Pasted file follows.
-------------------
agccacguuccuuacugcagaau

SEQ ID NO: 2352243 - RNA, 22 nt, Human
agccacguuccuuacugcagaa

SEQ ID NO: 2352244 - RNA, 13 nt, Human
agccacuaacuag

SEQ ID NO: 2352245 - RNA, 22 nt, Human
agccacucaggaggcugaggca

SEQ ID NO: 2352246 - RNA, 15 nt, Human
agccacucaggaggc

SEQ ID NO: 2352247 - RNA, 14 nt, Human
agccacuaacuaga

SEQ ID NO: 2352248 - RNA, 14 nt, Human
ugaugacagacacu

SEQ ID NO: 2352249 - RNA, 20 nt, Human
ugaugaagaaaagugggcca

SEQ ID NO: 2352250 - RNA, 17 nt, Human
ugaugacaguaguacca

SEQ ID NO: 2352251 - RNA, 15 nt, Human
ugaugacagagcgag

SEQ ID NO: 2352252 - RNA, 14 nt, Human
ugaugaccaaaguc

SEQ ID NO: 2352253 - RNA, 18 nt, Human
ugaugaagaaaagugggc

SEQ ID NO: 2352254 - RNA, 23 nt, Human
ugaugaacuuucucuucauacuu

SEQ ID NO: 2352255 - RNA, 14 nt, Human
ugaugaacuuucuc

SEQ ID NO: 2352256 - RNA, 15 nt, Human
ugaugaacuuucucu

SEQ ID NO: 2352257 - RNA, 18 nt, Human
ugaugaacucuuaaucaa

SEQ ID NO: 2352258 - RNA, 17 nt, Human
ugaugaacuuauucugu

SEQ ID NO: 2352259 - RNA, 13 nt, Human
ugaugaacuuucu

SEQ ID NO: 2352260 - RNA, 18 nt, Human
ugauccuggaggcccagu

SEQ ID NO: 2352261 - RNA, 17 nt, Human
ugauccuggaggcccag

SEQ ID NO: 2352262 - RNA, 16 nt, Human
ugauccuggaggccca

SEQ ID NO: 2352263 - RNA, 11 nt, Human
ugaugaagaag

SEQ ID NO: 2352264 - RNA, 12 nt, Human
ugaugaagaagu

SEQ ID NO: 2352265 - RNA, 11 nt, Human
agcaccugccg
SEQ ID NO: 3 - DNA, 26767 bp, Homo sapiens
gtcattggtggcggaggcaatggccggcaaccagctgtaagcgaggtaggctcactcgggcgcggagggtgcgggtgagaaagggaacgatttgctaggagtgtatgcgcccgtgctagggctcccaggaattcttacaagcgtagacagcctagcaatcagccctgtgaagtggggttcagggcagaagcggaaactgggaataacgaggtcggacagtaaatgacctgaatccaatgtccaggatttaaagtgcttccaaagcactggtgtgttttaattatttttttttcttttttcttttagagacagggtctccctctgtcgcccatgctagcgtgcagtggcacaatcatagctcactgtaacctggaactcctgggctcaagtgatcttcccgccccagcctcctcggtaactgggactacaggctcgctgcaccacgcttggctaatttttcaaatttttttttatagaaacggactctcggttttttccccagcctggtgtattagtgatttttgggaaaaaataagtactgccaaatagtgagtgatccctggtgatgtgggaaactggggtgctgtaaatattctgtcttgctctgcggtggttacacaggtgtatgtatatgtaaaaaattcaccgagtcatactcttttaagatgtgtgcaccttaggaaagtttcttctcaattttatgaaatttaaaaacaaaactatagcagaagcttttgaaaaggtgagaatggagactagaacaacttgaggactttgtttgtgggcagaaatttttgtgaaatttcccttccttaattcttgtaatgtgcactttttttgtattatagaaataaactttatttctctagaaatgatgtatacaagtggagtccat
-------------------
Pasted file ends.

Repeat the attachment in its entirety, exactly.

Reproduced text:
agccacguuccuuacugcagaau

SEQ ID NO: 2352243 - RNA, 22 nt, Human
agccacguuccuuacugcagaa

SEQ ID NO: 2352244 - RNA, 13 nt, Human
agccacuaacuag

SEQ ID NO: 2352245 - RNA, 22 nt, Human
agccacucaggaggcugaggca

SEQ ID NO: 2352246 - RNA, 15 nt, Human
agccacucaggaggc

SEQ ID NO: 2352247 - RNA, 14 nt, Human
agccacuaacuaga

SEQ ID NO: 2352248 - RNA, 14 nt, Human
ugaugacagacacu

SEQ ID NO: 2352249 - RNA, 20 nt, Human
ugaugaagaaaagugggcca

SEQ ID NO: 2352250 - RNA, 17 nt, Human
ugaugacaguaguacca

SEQ ID NO: 2352251 - RNA, 15 nt, Human
ugaugacagagcgag

SEQ ID NO: 2352252 - RNA, 14 nt, Human
ugaugaccaaaguc

SEQ ID NO: 2352253 - RNA, 18 nt, Human
ugaugaagaaaagugggc

SEQ ID NO: 2352254 - RNA, 23 nt, Human
ugaugaacuuucucuucauacuu

SEQ ID NO: 2352255 - RNA, 14 nt, Human
ugaugaacuuucuc

SEQ ID NO: 2352256 - RNA, 15 nt, Human
ugaugaacuuucucu

SEQ ID NO: 2352257 - RNA, 18 nt, Human
ugaugaacucuuaaucaa

SEQ ID NO: 2352258 - RNA, 17 nt, Human
ugaugaacuuauucugu

SEQ ID NO: 2352259 - RNA, 13 nt, Human
ugaugaacuuucu

SEQ ID NO: 2352260 - RNA, 18 nt, Human
ugauccuggaggcccagu

SEQ ID NO: 2352261 - RNA, 17 nt, Human
ugauccuggaggcccag

SEQ ID NO: 2352262 - RNA, 16 nt, Human
ugauccuggaggccca

SEQ ID NO: 2352263 - RNA, 11 nt, Human
ugaugaagaag

SEQ ID NO: 2352264 - RNA, 12 nt, Human
ugaugaagaagu

SEQ ID NO: 2352265 - RNA, 11 nt, Human
agcaccugccg
SEQ ID NO: 3 - DNA, 26767 bp, Homo sapiens
gtcattggtggcggaggcaatggccggcaaccagctgtaagcgaggtaggctcactcgggcgcggagggtgcgggtgagaaagggaacgatttgctaggagtgtatgcgcccgtgctagggctcccaggaattcttacaagcgtagacagcctagcaatcagccctgtgaagtggggttcagggcagaagcggaaactgggaataacgaggtcggacagtaaatgacctgaatccaatgtccaggatttaaagtgcttccaaagcactggtgtgttttaattatttttttttcttttttcttttagagacagggtctccctctgtcgcccatgctagcgtgcagtggcacaatcatagctcactgtaacctggaactcctgggctcaagtgatcttcccgccccagcctcctcggtaactgggactacaggctcgctgcaccacgcttggctaatttttcaaatttttttttatagaaacggactctcggttttttccccagcctggtgtattagtgatttttgggaaaaaataagtactgccaaatagtgagtgatccctggtgatgtgggaaactggggtgctgtaaatattctgtcttgctctgcggtggttacacaggtgtatgtatatgtaaaaaattcaccgagtcatactcttttaagatgtgtgcaccttaggaaagtttcttctcaattttatgaaatttaaaaacaaaactatagcagaagcttttgaaaaggtgagaatggagactagaacaacttgaggactttgtttgtgggcagaaatttttgtgaaatttcccttccttaattcttgtaatgtgcactttttttgtattatagaaataaactttatttctctagaaatgatgtatacaagtggagtccat